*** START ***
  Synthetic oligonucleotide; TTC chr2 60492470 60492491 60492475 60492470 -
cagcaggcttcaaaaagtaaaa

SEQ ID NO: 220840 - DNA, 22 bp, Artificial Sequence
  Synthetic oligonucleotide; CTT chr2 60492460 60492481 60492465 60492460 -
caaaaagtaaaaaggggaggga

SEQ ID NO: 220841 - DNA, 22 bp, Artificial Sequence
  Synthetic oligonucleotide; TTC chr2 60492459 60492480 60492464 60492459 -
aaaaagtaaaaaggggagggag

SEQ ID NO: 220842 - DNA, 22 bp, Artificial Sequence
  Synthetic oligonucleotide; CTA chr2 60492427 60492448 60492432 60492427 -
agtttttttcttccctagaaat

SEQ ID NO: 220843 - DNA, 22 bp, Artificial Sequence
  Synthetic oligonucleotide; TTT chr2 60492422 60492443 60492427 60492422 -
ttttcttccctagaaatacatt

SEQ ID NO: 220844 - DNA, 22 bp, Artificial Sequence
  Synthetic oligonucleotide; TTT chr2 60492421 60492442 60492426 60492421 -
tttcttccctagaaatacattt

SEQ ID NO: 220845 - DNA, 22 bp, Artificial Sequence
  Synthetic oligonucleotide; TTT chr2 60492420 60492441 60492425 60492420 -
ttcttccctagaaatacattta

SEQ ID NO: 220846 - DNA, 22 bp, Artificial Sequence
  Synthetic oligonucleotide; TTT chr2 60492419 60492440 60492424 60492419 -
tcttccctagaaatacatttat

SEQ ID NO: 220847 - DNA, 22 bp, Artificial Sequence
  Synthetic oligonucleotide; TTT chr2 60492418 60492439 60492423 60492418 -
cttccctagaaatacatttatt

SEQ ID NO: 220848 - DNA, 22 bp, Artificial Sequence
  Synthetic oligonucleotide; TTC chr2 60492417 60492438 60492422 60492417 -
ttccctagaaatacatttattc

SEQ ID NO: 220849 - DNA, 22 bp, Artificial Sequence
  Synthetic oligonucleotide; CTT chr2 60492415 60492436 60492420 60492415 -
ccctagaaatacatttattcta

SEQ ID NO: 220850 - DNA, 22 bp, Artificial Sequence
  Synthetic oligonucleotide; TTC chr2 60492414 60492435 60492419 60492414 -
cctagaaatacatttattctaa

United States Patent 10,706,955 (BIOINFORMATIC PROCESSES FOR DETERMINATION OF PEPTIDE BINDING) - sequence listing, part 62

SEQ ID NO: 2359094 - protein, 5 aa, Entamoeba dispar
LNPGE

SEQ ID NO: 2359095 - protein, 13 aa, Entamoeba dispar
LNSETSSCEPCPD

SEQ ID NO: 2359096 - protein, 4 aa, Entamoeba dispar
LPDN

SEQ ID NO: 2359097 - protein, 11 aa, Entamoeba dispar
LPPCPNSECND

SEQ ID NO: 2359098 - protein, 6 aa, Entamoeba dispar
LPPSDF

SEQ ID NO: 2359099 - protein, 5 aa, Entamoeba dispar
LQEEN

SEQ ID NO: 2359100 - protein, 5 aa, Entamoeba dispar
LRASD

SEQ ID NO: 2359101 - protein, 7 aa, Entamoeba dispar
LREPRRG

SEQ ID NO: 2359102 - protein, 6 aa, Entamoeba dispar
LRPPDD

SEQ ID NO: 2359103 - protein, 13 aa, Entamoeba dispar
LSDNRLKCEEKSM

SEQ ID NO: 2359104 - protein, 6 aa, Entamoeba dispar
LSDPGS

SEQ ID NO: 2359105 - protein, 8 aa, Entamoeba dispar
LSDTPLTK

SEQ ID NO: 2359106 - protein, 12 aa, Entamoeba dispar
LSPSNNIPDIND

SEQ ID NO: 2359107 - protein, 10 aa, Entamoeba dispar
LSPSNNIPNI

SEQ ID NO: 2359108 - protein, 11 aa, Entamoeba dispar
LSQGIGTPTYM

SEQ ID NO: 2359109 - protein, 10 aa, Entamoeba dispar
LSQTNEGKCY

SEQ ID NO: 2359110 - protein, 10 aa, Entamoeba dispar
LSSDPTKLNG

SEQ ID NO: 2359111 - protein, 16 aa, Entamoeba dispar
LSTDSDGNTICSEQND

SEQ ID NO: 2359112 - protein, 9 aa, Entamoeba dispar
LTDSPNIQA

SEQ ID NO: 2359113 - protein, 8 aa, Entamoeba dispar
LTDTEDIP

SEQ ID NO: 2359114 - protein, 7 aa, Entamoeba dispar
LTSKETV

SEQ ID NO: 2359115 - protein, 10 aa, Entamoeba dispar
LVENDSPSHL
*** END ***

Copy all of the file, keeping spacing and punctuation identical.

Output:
  Synthetic oligonucleotide; TTC chr2 60492470 60492491 60492475 60492470 -
cagcaggcttcaaaaagtaaaa

SEQ ID NO: 220840 - DNA, 22 bp, Artificial Sequence
  Synthetic oligonucleotide; CTT chr2 60492460 60492481 60492465 60492460 -
caaaaagtaaaaaggggaggga

SEQ ID NO: 220841 - DNA, 22 bp, Artificial Sequence
  Synthetic oligonucleotide; TTC chr2 60492459 60492480 60492464 60492459 -
aaaaagtaaaaaggggagggag

SEQ ID NO: 220842 - DNA, 22 bp, Artificial Sequence
  Synthetic oligonucleotide; CTA chr2 60492427 60492448 60492432 60492427 -
agtttttttcttccctagaaat

SEQ ID NO: 220843 - DNA, 22 bp, Artificial Sequence
  Synthetic oligonucleotide; TTT chr2 60492422 60492443 60492427 60492422 -
ttttcttccctagaaatacatt

SEQ ID NO: 220844 - DNA, 22 bp, Artificial Sequence
  Synthetic oligonucleotide; TTT chr2 60492421 60492442 60492426 60492421 -
tttcttccctagaaatacattt

SEQ ID NO: 220845 - DNA, 22 bp, Artificial Sequence
  Synthetic oligonucleotide; TTT chr2 60492420 60492441 60492425 60492420 -
ttcttccctagaaatacattta

SEQ ID NO: 220846 - DNA, 22 bp, Artificial Sequence
  Synthetic oligonucleotide; TTT chr2 60492419 60492440 60492424 60492419 -
tcttccctagaaatacatttat

SEQ ID NO: 220847 - DNA, 22 bp, Artificial Sequence
  Synthetic oligonucleotide; TTT chr2 60492418 60492439 60492423 60492418 -
cttccctagaaatacatttatt

SEQ ID NO: 220848 - DNA, 22 bp, Artificial Sequence
  Synthetic oligonucleotide; TTC chr2 60492417 60492438 60492422 60492417 -
ttccctagaaatacatttattc

SEQ ID NO: 220849 - DNA, 22 bp, Artificial Sequence
  Synthetic oligonucleotide; CTT chr2 60492415 60492436 60492420 60492415 -
ccctagaaatacatttattcta

SEQ ID NO: 220850 - DNA, 22 bp, Artificial Sequence
  Synthetic oligonucleotide; TTC chr2 60492414 60492435 60492419 60492414 -
cctagaaatacatttattctaa

United States Patent 10,706,955 (BIOINFORMATIC PROCESSES FOR DETERMINATION OF PEPTIDE BINDING) - sequence listing, part 62

SEQ ID NO: 2359094 - protein, 5 aa, Entamoeba dispar
LNPGE

SEQ ID NO: 2359095 - protein, 13 aa, Entamoeba dispar
LNSETSSCEPCPD

SEQ ID NO: 2359096 - protein, 4 aa, Entamoeba dispar
LPDN

SEQ ID NO: 2359097 - protein, 11 aa, Entamoeba dispar
LPPCPNSECND

SEQ ID NO: 2359098 - protein, 6 aa, Entamoeba dispar
LPPSDF

SEQ ID NO: 2359099 - protein, 5 aa, Entamoeba dispar
LQEEN

SEQ ID NO: 2359100 - protein, 5 aa, Entamoeba dispar
LRASD

SEQ ID NO: 2359101 - protein, 7 aa, Entamoeba dispar
LREPRRG

SEQ ID NO: 2359102 - protein, 6 aa, Entamoeba dispar
LRPPDD

SEQ ID NO: 2359103 - protein, 13 aa, Entamoeba dispar
LSDNRLKCEEKSM

SEQ ID NO: 2359104 - protein, 6 aa, Entamoeba dispar
LSDPGS

SEQ ID NO: 2359105 - protein, 8 aa, Entamoeba dispar
LSDTPLTK

SEQ ID NO: 2359106 - protein, 12 aa, Entamoeba dispar
LSPSNNIPDIND

SEQ ID NO: 2359107 - protein, 10 aa, Entamoeba dispar
LSPSNNIPNI

SEQ ID NO: 2359108 - protein, 11 aa, Entamoeba dispar
LSQGIGTPTYM

SEQ ID NO: 2359109 - protein, 10 aa, Entamoeba dispar
LSQTNEGKCY

SEQ ID NO: 2359110 - protein, 10 aa, Entamoeba dispar
LSSDPTKLNG

SEQ ID NO: 2359111 - protein, 16 aa, Entamoeba dispar
LSTDSDGNTICSEQND

SEQ ID NO: 2359112 - protein, 9 aa, Entamoeba dispar
LTDSPNIQA

SEQ ID NO: 2359113 - protein, 8 aa, Entamoeba dispar
LTDTEDIP

SEQ ID NO: 2359114 - protein, 7 aa, Entamoeba dispar
LTSKETV

SEQ ID NO: 2359115 - protein, 10 aa, Entamoeba dispar
LVENDSPSHL